Modern politics often puts ‘symbolism over substance,’ Rep. John … –

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OREM — With more than a year to go before the 2024 presidential election, some voters are already dreading a rematch between President Joe Biden and former President Donald Trump.

But elected leaders are a reflection of the electorate, so voters need to prioritize difference qualities if they want different outcomes, Utah Rep. John Curtis said Tuesday morning. Curtis, a Republican, spoke about what he sees as the problems plaguing the body politic as part of the Sutherland Institute’s Congressional Series at Utah Valley University’s Center for Constitutional Studies in Orem.

He laid out 10 reasons he believes Americans are losing faith in Congress, many of which tie back to perverse incentives that encourage gridlock and partisan fighting over cooperation.

“Many come to the hallowed halls of the U.S. Capitol now not to legislate, but to be activists, create viral moments and pass blame on others,” he said. “This creates an environment that promotes government by crisis.”

Although Congress often passes legislation with an “overwhelming bipartisan majority,” traditional news outlets and social media users often focus more on the dysfunction, meaning there is money and notoriety to be made by leaning into it, he said.

He recalled several unnamed colleagues in the House who held up a vote on Speaker Kevin McCarthy’s speakership earlier this year, and used their opposition to solicit funds for their donors in order to “keep up the fight.”

“Those who act like spoiled teenagers raise large amounts of money and get lots of TV time,” Curtis said.

Voters on both sides of the aisle are too willing to put ideology over qualifications or honesty, he added, which benefits the extreme elements on either side. Referencing embattled Rep. George Santos, R-N.Y. — who faces a litany of allegations of lying about his personal wealth and business success during his 2022 House campaign — Curtis said, “We like a good speech better than good work.”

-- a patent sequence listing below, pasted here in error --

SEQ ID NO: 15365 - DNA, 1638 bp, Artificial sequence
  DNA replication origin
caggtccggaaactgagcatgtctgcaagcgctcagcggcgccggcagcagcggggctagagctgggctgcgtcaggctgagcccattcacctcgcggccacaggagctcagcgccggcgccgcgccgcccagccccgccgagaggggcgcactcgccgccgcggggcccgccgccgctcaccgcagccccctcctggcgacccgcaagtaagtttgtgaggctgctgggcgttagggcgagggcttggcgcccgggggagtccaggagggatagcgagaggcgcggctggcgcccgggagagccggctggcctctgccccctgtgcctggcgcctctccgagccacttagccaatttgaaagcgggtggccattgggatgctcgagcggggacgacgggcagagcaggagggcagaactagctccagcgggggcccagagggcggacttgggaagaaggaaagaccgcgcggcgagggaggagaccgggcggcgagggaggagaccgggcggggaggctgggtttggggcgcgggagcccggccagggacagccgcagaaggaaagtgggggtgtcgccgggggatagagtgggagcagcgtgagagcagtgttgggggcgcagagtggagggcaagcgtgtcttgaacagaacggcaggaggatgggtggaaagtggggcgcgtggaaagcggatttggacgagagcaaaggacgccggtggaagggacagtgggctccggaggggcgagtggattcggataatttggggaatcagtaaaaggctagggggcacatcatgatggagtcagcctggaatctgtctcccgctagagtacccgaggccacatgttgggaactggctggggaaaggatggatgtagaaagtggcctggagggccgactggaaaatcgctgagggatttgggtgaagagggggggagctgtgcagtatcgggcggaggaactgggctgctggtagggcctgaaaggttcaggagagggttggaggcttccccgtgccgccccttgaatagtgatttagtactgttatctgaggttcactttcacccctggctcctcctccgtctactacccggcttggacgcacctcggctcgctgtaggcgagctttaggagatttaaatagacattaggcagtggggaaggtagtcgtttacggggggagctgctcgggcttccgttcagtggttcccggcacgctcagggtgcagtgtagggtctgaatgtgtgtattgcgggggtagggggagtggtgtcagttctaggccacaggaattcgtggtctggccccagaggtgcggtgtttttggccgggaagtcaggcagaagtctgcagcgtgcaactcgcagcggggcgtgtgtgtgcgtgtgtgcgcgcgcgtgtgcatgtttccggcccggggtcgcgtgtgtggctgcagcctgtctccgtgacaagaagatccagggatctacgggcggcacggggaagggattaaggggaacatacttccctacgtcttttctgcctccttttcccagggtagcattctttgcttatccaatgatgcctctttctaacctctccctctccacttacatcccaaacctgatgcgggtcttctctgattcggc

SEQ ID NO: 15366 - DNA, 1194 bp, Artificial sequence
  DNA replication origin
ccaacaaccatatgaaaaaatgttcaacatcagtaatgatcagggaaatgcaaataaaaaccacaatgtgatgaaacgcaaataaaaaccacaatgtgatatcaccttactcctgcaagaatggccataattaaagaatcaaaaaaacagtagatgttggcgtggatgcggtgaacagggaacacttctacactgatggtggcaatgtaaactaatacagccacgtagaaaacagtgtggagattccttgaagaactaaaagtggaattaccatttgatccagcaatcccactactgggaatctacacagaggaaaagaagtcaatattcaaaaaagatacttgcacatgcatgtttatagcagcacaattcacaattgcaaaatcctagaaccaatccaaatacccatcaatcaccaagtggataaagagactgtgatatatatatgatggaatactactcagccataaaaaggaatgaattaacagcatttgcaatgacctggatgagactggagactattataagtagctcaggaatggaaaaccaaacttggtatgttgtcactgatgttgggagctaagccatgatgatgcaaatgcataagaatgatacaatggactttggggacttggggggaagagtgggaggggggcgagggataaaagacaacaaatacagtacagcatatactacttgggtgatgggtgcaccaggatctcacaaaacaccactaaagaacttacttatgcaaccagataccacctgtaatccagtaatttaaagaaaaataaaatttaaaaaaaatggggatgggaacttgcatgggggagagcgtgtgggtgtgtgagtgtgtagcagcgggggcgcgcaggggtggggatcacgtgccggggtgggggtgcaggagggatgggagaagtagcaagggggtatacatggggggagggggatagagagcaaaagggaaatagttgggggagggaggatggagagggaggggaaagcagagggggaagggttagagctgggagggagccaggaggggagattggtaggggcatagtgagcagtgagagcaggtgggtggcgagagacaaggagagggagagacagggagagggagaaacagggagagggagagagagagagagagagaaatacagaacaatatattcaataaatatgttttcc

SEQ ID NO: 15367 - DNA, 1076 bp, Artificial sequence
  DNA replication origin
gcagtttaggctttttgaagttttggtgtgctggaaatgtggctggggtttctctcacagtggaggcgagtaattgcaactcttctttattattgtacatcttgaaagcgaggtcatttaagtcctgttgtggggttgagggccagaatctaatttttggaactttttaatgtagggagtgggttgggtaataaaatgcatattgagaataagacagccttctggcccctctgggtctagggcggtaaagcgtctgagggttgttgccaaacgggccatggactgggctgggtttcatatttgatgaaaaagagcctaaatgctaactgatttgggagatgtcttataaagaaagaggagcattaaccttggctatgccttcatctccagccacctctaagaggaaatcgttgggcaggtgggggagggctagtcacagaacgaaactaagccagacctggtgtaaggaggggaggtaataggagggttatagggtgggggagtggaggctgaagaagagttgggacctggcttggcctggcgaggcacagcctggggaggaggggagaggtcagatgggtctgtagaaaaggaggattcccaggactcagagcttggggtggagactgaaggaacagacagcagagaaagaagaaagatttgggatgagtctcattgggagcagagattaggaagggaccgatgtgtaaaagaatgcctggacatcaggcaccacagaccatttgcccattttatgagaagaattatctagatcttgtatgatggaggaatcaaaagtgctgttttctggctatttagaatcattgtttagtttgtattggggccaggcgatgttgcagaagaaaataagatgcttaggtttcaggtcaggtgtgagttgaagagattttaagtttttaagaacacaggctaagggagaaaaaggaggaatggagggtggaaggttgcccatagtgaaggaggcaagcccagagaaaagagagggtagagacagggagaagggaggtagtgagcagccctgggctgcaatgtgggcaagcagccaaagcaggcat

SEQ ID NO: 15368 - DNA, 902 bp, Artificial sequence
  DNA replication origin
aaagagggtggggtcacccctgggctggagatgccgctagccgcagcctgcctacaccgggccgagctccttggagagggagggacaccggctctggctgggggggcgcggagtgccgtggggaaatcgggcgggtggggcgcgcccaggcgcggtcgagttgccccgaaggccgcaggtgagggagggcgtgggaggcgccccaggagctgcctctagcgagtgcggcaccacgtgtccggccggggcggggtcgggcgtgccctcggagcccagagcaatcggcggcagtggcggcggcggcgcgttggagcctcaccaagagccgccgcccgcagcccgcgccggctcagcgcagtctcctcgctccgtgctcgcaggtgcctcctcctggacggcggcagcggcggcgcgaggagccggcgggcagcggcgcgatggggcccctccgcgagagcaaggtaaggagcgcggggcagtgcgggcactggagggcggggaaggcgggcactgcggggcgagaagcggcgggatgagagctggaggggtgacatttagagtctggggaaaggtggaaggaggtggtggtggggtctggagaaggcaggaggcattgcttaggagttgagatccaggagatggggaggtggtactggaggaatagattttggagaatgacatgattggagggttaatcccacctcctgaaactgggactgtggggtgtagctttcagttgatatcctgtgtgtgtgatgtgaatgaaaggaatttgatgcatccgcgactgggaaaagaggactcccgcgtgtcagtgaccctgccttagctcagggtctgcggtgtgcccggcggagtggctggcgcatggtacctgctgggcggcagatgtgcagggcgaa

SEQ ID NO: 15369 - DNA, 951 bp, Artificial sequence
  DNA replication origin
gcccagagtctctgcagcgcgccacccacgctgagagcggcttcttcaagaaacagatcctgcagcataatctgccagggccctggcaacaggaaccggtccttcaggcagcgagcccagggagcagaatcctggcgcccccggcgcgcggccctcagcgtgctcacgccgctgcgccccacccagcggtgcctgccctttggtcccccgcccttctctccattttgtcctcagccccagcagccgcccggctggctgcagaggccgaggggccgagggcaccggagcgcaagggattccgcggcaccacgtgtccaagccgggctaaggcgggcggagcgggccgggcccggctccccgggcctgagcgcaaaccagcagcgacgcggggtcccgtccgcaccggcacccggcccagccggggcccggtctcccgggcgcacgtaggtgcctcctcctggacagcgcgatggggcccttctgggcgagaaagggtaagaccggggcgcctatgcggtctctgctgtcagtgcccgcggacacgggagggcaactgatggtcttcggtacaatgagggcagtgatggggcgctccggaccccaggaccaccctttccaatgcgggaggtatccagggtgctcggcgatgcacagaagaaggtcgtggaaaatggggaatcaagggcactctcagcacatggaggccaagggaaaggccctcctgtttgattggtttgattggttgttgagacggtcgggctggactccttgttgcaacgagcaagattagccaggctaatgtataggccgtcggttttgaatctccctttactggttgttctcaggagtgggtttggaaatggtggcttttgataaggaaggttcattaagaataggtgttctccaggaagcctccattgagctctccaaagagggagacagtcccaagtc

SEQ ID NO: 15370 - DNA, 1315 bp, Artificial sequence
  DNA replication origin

“Why do we vote for people that no one else would hire?” he asked. “Yes, the media needs to do a better job of vetting. Yes, the watchdog groups can do better. But this one, I’m putting right on the backs of each one of us. Voters bear the reponsibility of electing good and qualified people. It’s not enough to be swayed by good speech. Look at the person and look at the character of that person. Look for patterns of success in their lives. (For) elected leaders, elected office shouldn’t be their first success.”

Dating back to his time as mayor of Provo, Curtis says he has regularly been asked by constituents why he isn’t “more of a fighter.” But he said he feels politics today often puts “symbolism over substance,” ignoring the work that goes into passing important legislation.

He acknowledges that people feel a real frustration with government because of a variety of ongoing social, economic and political challenges the country is facing, but those problems can’t be solved without bipartisan cooperation.

“I wish people would stop and think of any other setting when you’re trying to accomplish something, and if you go into it and you call your colleagues names and you yell at them and embarrass them and then you turn around and ask for their support with a policy or an initiative or anything like that, are you likely to get it?” he said.

“It troubles me that I haven’t figured out how to promote myself … as a fighter in the way that they view ‘fighter,’ but I’m also not willing to go there because you sacrifice the ability to get things done.”


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Bridger Beal-Cvetko covers Utah politics, Salt Lake County communities and breaking news for He is a graduate of Utah Valley University.

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